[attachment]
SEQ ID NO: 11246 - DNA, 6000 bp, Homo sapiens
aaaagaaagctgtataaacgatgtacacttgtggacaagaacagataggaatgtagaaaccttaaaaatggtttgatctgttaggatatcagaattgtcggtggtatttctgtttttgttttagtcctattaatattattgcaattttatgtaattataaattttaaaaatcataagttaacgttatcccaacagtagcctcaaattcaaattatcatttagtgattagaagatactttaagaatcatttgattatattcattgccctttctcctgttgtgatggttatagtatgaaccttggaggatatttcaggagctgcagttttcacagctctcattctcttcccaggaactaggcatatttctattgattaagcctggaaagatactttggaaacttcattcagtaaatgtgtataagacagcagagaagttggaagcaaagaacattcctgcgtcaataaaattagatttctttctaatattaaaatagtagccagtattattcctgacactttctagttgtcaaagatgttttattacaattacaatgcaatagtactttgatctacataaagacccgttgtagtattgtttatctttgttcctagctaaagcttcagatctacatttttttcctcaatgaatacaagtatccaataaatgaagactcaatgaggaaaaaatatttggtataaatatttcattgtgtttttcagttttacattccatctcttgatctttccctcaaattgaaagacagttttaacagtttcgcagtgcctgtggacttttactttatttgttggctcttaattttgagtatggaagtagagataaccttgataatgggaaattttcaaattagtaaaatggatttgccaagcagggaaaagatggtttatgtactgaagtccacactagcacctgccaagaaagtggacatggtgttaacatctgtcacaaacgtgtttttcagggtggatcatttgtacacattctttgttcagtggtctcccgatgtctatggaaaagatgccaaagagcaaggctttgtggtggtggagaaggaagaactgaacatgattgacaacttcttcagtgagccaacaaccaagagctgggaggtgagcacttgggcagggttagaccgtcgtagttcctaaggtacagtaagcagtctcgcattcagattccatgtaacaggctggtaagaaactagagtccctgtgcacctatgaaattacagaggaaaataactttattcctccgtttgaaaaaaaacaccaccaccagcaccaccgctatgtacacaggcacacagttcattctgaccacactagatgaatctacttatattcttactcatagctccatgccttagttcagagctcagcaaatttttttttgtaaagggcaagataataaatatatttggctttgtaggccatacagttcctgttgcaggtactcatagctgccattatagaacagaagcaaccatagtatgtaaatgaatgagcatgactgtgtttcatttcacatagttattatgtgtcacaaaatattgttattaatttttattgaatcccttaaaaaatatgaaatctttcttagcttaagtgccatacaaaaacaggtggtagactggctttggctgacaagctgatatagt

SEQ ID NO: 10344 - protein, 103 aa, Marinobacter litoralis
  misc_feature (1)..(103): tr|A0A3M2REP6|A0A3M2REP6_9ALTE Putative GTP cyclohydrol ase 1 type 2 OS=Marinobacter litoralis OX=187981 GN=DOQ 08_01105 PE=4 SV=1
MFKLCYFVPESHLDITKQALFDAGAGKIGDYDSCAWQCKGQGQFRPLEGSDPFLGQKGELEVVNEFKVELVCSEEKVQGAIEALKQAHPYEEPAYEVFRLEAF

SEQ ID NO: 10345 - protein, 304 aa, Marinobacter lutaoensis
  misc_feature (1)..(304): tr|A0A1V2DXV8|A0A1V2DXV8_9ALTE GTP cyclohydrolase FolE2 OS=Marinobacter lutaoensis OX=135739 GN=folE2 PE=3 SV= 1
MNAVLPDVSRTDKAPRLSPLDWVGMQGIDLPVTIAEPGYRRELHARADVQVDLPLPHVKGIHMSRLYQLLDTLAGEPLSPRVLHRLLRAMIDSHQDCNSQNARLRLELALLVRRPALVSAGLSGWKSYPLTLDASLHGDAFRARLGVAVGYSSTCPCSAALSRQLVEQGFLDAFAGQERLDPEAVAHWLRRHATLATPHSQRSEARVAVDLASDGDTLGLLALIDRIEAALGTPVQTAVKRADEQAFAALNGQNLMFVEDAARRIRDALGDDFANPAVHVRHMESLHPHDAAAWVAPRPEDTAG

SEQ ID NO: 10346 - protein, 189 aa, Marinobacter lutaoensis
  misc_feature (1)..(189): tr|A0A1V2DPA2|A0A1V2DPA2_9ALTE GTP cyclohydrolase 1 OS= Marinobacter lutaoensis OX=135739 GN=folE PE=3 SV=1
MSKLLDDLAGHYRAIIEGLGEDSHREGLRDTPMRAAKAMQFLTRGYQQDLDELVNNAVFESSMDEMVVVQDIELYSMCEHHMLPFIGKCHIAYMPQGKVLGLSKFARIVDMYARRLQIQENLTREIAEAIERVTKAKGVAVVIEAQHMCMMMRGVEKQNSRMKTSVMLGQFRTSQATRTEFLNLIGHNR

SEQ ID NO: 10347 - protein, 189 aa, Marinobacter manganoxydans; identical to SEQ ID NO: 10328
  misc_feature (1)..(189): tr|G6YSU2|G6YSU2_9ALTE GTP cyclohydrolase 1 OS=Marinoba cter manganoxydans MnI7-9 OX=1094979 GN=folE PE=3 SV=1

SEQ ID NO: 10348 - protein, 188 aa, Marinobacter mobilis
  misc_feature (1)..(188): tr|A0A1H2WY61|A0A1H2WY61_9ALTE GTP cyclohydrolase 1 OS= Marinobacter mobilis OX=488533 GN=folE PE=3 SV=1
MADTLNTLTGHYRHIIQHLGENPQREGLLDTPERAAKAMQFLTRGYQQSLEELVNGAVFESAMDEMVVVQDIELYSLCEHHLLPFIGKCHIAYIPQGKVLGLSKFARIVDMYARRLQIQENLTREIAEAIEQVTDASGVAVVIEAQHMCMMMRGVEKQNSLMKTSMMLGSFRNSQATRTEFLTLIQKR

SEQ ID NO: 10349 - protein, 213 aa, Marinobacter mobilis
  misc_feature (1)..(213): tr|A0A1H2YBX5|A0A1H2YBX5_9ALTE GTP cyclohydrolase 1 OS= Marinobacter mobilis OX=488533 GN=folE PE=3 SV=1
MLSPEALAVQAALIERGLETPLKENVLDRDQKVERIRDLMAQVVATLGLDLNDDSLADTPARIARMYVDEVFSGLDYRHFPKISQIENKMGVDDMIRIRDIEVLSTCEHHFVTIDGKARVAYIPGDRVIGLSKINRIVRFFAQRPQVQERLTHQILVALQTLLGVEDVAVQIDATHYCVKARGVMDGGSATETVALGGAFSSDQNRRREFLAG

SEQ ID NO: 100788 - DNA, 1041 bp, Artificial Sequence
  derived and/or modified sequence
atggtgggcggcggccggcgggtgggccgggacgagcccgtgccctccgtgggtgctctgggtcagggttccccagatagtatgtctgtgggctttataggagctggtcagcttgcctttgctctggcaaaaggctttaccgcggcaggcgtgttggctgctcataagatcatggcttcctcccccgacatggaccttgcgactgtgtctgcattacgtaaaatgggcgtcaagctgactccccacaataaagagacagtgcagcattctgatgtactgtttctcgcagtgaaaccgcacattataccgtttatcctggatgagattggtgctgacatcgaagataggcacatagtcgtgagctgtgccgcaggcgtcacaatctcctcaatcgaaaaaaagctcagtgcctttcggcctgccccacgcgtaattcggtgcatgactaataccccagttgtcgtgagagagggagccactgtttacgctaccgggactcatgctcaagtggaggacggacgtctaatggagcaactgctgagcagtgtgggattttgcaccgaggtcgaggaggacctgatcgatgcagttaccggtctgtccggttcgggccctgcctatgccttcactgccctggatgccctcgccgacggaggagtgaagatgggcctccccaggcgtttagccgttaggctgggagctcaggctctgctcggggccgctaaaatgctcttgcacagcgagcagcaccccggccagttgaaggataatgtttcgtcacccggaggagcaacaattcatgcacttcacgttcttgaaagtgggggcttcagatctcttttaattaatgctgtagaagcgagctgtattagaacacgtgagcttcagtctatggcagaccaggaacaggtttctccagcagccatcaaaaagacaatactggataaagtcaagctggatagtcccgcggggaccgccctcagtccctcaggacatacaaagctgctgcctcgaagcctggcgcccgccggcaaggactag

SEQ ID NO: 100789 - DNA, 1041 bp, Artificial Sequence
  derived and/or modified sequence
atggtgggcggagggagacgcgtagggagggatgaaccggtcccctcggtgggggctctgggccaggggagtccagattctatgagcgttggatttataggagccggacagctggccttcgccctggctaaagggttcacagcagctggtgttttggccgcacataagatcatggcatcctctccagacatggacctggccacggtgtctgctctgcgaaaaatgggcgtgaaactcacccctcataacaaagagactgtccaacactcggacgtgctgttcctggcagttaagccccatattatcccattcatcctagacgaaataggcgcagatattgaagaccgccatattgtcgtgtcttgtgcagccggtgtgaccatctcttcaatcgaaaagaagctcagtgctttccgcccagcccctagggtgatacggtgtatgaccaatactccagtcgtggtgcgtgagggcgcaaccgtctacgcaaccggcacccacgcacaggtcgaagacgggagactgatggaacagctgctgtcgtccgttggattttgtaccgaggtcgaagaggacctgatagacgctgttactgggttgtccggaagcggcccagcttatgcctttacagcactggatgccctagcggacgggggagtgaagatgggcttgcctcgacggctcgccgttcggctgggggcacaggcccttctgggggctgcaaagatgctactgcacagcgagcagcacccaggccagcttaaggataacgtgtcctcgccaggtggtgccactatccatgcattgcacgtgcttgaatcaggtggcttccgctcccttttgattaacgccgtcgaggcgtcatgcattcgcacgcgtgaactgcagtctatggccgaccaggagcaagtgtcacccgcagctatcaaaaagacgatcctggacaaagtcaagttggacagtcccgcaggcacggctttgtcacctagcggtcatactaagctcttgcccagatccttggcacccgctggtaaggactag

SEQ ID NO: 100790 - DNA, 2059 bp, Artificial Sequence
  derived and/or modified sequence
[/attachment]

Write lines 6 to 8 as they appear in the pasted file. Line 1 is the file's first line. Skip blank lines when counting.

SEQ ID NO: 10345 - protein, 304 aa, Marinobacter lutaoensis
  misc_feature (1)..(304): tr|A0A1V2DXV8|A0A1V2DXV8_9ALTE GTP cyclohydrolase FolE2 OS=Marinobacter lutaoensis OX=135739 GN=folE2 PE=3 SV= 1
MNAVLPDVSRTDKAPRLSPLDWVGMQGIDLPVTIAEPGYRRELHARADVQVDLPLPHVKGIHMSRLYQLLDTLAGEPLSPRVLHRLLRAMIDSHQDCNSQNARLRLELALLVRRPALVSAGLSGWKSYPLTLDASLHGDAFRARLGVAVGYSSTCPCSAALSRQLVEQGFLDAFAGQERLDPEAVAHWLRRHATLATPHSQRSEARVAVDLASDGDTLGLLALIDRIEAALGTPVQTAVKRADEQAFAALNGQNLMFVEDAARRIRDALGDDFANPAVHVRHMESLHPHDAAAWVAPRPEDTAG